M. H. Chowdhury, K. Ray, K. Aslan, J. R. Lakowicz, and C. D. Geddes, “Metal-Enhanced Fluorescence of Phycobiliproteins from Heterogeneous Plasmonic Nanostructures,” J. Phys. Chem. C 111, 18856 (2007). [CrossRef]

2.

J. Zhang, Y. Fu, M. H. Chowdhury, and J. R. Lakowicz, “Single-Molecule Studies on Fluorescently Labeled Silver Particles: Effects of Particle Size,” J. Phys. Chem. C 112, 18 (2008). [CrossRef]

3.

P. Measor, L. Seballos, D. Yin, J. Z. Zhang, E. J. Lunt, A. R. Hawkins, and H. Schmidt, “On-chip surface-enhanced Raman scattering detection using integrated liquid-core waveguides,” Appl. Phys. Lett. 90, 211107 (2007). [CrossRef]

4.

X. Qian, X.-H. Peng, D. O. Ansari, Q. Yin-Goen, G. Z. Chen, D. M. Shin, L. Yang, A. N. Young, M. D. Wang, and S. Nie, “In vivo: tumor targeting and spectroscopic detection with surface-enhanced Raman nanoparticle tags,” Nat. Biotechnol. 26, 83 (2008). [CrossRef]

5.

M. Airola, Y. Liu, and S. Blair, “Second-harmonic generation from an array of sub-wavelength metal apertures,” J. Opt. A: Pure Appl. Opt. 7, S118 (2005). [CrossRef]

6.

J. A. H. van Nieuwstadt, M. Sandtke, R. H. Harmsen, F. B. Segerink, J. C. Prangsma, S. Enoch, and L. Kuipers, “Strong Modification of the Nonlinear Optical Response of Metallic Subwavelength Hole Arrays,” Phys. Rev. Lett. 97, 146102 (2006). [CrossRef] [PubMed]

7.

C. Hubert, L. Billot, P.-M. Adam, R. Bachelot, P. Royer, J. Grand, D. Gindre, K. D. Dorkenoo, and A. Fort, “Role of surface plasmon in second harmonic generation from gold nanorods,” Appl. Phys. Lett. 90, 181105 (2007). [CrossRef]

8.

M. W. Klein, C. Enkrich, M. Wegener, and S. Linden,“Second-Harmonic Generation from Magnetic Metamaterials,” Science 313, 502 (2006). [CrossRef] [PubMed]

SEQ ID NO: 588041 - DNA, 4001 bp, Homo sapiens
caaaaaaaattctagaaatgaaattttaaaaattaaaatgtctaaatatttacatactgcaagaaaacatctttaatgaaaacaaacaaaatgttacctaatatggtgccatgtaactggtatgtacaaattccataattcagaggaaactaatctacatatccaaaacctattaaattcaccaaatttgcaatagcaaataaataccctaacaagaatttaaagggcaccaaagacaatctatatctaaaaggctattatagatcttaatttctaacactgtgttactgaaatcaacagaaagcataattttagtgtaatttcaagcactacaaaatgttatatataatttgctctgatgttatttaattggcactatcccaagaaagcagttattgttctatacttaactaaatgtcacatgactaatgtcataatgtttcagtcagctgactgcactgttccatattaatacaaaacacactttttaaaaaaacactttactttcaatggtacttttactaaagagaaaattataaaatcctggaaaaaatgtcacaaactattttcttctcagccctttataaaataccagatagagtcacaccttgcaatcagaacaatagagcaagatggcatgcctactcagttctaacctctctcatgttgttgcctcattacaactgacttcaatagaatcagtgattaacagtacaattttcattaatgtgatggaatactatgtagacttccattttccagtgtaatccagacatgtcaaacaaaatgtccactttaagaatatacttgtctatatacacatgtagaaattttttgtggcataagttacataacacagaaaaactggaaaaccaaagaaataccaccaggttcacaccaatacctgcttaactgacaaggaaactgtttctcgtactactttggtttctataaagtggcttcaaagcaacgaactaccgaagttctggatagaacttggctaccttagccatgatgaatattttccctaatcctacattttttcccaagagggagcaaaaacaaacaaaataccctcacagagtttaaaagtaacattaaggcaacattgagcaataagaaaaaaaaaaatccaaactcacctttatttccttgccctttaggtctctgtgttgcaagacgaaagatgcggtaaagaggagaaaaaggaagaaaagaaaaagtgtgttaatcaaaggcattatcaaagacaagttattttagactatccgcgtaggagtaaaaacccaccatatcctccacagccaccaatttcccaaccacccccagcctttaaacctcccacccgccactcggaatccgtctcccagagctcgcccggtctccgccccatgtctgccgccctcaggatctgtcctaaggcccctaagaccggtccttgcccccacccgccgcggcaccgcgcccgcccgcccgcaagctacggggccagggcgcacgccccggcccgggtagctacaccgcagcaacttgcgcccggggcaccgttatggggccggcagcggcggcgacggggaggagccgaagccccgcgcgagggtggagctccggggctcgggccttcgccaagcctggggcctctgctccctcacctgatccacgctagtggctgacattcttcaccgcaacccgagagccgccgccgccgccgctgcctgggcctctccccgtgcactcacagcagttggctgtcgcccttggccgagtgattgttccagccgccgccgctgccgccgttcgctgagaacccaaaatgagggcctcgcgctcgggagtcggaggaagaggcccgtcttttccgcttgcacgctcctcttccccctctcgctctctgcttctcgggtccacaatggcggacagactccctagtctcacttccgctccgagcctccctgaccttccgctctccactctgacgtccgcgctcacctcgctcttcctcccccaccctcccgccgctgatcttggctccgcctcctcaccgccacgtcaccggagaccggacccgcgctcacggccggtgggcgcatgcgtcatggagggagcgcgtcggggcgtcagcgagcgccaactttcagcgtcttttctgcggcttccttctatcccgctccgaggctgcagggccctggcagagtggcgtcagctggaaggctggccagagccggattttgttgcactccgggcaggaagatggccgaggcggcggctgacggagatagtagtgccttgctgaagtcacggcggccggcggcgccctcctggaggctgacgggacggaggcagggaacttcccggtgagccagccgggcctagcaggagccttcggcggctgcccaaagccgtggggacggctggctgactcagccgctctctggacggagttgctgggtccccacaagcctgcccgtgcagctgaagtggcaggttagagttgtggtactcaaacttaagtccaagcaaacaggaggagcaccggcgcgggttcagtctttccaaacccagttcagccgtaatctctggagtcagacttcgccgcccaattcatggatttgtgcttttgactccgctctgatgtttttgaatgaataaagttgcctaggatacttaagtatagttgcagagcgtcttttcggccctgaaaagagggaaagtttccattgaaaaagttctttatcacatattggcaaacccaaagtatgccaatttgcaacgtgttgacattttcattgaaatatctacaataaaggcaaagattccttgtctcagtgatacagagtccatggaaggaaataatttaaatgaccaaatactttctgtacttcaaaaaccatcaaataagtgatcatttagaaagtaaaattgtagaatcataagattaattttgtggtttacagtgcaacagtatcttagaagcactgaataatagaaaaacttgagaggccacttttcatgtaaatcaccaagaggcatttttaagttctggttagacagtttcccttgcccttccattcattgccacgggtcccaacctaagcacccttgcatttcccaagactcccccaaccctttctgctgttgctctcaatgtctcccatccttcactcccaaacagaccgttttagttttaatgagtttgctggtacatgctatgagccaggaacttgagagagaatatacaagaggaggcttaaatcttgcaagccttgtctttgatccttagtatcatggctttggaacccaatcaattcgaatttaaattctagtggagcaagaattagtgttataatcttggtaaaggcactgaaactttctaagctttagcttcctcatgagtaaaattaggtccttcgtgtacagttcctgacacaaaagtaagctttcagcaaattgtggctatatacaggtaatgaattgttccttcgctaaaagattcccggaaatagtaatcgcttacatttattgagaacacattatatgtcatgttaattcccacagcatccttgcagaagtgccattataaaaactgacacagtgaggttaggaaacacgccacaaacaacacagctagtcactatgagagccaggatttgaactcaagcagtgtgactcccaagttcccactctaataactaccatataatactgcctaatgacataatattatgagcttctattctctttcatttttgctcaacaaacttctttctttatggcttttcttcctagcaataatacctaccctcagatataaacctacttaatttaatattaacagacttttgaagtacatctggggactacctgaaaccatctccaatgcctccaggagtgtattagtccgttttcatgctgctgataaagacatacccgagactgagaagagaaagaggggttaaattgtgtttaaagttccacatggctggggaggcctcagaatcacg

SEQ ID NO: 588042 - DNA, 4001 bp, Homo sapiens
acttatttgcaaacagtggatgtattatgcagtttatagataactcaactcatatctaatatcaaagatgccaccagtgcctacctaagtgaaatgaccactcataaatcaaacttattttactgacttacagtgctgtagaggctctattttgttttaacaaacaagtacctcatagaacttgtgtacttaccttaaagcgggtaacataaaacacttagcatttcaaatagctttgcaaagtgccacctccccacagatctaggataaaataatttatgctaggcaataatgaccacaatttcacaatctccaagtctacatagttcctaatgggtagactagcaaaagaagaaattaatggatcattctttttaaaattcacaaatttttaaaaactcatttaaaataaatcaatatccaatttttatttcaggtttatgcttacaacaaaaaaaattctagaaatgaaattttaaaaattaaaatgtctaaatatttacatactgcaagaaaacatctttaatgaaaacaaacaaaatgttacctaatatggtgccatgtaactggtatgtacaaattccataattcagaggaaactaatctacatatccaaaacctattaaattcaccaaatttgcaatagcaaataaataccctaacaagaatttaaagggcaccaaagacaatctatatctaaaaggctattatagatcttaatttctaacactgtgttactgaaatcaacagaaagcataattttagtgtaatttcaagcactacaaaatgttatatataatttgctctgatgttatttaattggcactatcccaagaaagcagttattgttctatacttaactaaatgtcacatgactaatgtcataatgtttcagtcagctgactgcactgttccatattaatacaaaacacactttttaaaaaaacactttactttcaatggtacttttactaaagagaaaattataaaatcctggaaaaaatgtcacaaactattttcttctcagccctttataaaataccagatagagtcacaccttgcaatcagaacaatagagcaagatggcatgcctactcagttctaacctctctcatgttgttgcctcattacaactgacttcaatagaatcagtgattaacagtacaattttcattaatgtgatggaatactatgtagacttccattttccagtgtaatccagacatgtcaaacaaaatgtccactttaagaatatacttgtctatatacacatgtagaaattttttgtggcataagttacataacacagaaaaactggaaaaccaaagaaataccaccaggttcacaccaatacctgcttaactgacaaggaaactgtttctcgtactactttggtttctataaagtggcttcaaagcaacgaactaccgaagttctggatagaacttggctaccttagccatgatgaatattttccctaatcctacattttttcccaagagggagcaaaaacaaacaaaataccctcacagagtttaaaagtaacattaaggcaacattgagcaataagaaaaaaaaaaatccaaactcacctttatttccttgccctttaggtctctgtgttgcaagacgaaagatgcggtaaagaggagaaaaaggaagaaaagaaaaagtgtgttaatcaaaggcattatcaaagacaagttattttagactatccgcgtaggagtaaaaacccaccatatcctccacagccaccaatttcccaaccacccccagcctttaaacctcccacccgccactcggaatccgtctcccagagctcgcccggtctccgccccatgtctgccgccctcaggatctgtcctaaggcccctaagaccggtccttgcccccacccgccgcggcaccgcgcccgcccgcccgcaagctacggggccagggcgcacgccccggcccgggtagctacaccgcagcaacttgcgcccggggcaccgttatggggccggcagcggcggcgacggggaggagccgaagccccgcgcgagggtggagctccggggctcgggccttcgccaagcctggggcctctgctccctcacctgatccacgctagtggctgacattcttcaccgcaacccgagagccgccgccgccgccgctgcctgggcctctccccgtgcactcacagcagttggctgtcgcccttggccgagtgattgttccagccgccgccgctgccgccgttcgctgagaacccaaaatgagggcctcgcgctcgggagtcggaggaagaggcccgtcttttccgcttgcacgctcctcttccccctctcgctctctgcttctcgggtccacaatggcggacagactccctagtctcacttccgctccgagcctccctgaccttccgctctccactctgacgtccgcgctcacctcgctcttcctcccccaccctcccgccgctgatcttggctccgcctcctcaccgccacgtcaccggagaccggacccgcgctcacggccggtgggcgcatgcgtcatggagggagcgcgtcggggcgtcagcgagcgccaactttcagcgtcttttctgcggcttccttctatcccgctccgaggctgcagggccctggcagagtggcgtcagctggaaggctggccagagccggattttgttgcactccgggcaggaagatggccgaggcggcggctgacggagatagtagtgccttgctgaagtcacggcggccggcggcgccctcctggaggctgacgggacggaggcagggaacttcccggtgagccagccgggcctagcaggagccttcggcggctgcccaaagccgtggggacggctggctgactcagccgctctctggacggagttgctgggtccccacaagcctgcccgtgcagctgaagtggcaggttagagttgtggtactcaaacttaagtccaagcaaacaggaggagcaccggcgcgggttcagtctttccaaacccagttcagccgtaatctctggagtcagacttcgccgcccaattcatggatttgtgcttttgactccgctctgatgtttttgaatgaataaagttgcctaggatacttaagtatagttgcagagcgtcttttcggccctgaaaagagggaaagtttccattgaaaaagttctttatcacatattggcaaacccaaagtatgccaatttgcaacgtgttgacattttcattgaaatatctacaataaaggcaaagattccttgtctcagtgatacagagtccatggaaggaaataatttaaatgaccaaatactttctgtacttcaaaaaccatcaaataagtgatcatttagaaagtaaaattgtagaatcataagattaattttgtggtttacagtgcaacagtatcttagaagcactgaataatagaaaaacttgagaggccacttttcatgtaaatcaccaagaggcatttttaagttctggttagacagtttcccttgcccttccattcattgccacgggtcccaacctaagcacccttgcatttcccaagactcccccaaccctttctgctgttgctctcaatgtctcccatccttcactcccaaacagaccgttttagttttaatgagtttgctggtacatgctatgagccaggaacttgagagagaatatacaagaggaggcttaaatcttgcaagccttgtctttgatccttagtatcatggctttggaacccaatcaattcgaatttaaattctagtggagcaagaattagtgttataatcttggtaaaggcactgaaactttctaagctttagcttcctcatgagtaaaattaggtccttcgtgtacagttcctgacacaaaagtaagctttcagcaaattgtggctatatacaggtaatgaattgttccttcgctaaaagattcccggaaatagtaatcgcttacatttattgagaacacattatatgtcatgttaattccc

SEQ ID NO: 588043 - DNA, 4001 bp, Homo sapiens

9.

M. W. Klein, M. Wegener, N. Feth, and S. Linden, “Experiments on second- and third-harmonic generation from magnetic metamaterials: erratum,” Opt. Express 16, 8055 (2008). [CrossRef]

10.

J. Rudnick and E. A. Stern, “Second-Harmonic Radiation from Metal Surfaces,” Phys. Rev. B 4, 4274 (1971). [CrossRef]

11.

C. H. Lee, “Optical Second-Harmonic Generation in Reflection from Media with Inversion Symmetry,” Phys. Rev. 174, 813 (1968). [CrossRef]

12.

J. E. Sipe, V. C. Y. So, M. Fukui, and G. I. Stegeman, “Analysis of second-harmonic generation at metal surfaces,” Phys. Rev. B 21, 4389 (1980). [CrossRef]

13.

U. Valbusa, C. Boragno, and F. Buatier de Mongeot, “Nanostructuring surfaces by ion sputtering,” J. Phys.: Condens. Matter 14, 8153–8175 (2002). [CrossRef]

14.

F. Buatier de Mongeot, W. Zhu, A. Molle, R. Buzio, C. Boragno, U. Valbusa, E. G. Wang, and Z. Zhang, “Nanocrystal Formation and Faceting Instability in Al(110) Homoepitaxy: True Upward Adatom Diffusion at Step Edges and Island Corners,” Phys. Rev. Lett. 91, 016102 (2003). [CrossRef]

15.

A. Toma, D. Chiappe, D. Massabò, C. Boragno, and F. Buatier de Mongeot, “Self-organized metal nanowire arrays with tunable optical anisotropy,” Appl. Phys. Lett. 93, 163104 (2008). [CrossRef]

16.

S. Rusponi, G. Costantini, F. Buatier-de-Mongeot, C. Boragno, and U. Valbusa, “Patterning a surface on the nanometric scale by ion sputtering,” Appl. Phys. Lett. 75, 3318–3320 (1999). [CrossRef]

17.

F. Buatier de Mongeot et al. Patent pending.

OCIS Codes
(190.2620) Nonlinear optics : Harmonic generation and mixing
(190.4400) Nonlinear optics : Nonlinear optics, materials
(240.4350) Optics at surfaces : Nonlinear optics at surfaces
(220.4241) Optical design and fabrication : Nanostructure fabrication

ToC Category:
Nonlinear Optics

History